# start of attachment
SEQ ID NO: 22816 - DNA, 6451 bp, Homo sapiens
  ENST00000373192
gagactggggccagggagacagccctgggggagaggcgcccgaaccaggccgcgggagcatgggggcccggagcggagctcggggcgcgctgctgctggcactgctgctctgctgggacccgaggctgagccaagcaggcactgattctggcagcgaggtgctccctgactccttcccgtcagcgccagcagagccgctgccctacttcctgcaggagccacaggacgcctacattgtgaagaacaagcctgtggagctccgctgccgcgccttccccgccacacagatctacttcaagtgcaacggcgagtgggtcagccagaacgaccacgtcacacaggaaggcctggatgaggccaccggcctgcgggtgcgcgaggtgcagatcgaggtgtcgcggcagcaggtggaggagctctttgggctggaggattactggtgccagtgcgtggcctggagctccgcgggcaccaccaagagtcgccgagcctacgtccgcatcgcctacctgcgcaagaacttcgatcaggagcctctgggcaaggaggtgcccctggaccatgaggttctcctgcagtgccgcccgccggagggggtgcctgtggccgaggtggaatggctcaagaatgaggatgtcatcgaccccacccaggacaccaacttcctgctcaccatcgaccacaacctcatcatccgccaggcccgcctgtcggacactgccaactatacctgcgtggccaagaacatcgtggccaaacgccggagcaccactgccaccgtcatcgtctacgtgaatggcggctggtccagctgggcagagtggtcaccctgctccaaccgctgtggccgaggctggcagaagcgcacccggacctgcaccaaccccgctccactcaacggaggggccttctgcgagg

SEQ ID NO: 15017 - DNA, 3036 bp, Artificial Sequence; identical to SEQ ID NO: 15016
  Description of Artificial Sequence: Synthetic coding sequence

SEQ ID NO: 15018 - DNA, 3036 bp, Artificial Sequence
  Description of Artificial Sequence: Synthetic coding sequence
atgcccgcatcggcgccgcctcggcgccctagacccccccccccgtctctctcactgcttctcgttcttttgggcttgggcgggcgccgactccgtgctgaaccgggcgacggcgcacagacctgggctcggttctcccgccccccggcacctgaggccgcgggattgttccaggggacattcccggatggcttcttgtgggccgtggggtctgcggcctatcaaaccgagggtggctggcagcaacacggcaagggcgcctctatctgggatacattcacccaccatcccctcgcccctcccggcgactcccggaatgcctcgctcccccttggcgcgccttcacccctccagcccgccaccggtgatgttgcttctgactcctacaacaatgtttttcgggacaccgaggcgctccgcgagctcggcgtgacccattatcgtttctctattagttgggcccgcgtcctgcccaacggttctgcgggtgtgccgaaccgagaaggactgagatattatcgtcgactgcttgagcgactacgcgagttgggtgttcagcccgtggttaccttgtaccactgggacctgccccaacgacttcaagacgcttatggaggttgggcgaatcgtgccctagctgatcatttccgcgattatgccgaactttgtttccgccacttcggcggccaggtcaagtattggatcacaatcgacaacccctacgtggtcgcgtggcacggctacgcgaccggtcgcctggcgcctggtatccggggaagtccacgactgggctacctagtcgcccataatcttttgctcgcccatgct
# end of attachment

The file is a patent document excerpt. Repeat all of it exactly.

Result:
SEQ ID NO: 22816 - DNA, 6451 bp, Homo sapiens
  ENST00000373192
gagactggggccagggagacagccctgggggagaggcgcccgaaccaggccgcgggagcatgggggcccggagcggagctcggggcgcgctgctgctggcactgctgctctgctgggacccgaggctgagccaagcaggcactgattctggcagcgaggtgctccctgactccttcccgtcagcgccagcagagccgctgccctacttcctgcaggagccacaggacgcctacattgtgaagaacaagcctgtggagctccgctgccgcgccttccccgccacacagatctacttcaagtgcaacggcgagtgggtcagccagaacgaccacgtcacacaggaaggcctggatgaggccaccggcctgcgggtgcgcgaggtgcagatcgaggtgtcgcggcagcaggtggaggagctctttgggctggaggattactggtgccagtgcgtggcctggagctccgcgggcaccaccaagagtcgccgagcctacgtccgcatcgcctacctgcgcaagaacttcgatcaggagcctctgggcaaggaggtgcccctggaccatgaggttctcctgcagtgccgcccgccggagggggtgcctgtggccgaggtggaatggctcaagaatgaggatgtcatcgaccccacccaggacaccaacttcctgctcaccatcgaccacaacctcatcatccgccaggcccgcctgtcggacactgccaactatacctgcgtggccaagaacatcgtggccaaacgccggagcaccactgccaccgtcatcgtctacgtgaatggcggctggtccagctgggcagagtggtcaccctgctccaaccgctgtggccgaggctggcagaagcgcacccggacctgcaccaaccccgctccactcaacggaggggccttctgcgagg

SEQ ID NO: 15017 - DNA, 3036 bp, Artificial Sequence; identical to SEQ ID NO: 15016
  Description of Artificial Sequence: Synthetic coding sequence

SEQ ID NO: 15018 - DNA, 3036 bp, Artificial Sequence
  Description of Artificial Sequence: Synthetic coding sequence
atgcccgcatcggcgccgcctcggcgccctagacccccccccccgtctctctcactgcttctcgttcttttgggcttgggcgggcgccgactccgtgctgaaccgggcgacggcgcacagacctgggctcggttctcccgccccccggcacctgaggccgcgggattgttccaggggacattcccggatggcttcttgtgggccgtggggtctgcggcctatcaaaccgagggtggctggcagcaacacggcaagggcgcctctatctgggatacattcacccaccatcccctcgcccctcccggcgactcccggaatgcctcgctcccccttggcgcgccttcacccctccagcccgccaccggtgatgttgcttctgactcctacaacaatgtttttcgggacaccgaggcgctccgcgagctcggcgtgacccattatcgtttctctattagttgggcccgcgtcctgcccaacggttctgcgggtgtgccgaaccgagaaggactgagatattatcgtcgactgcttgagcgactacgcgagttgggtgttcagcccgtggttaccttgtaccactgggacctgccccaacgacttcaagacgcttatggaggttgggcgaatcgtgccctagctgatcatttccgcgattatgccgaactttgtttccgccacttcggcggccaggtcaagtattggatcacaatcgacaacccctacgtggtcgcgtggcacggctacgcgaccggtcgcctggcgcctggtatccggggaagtccacgactgggctacctagtcgcccataatcttttgctcgcccatgct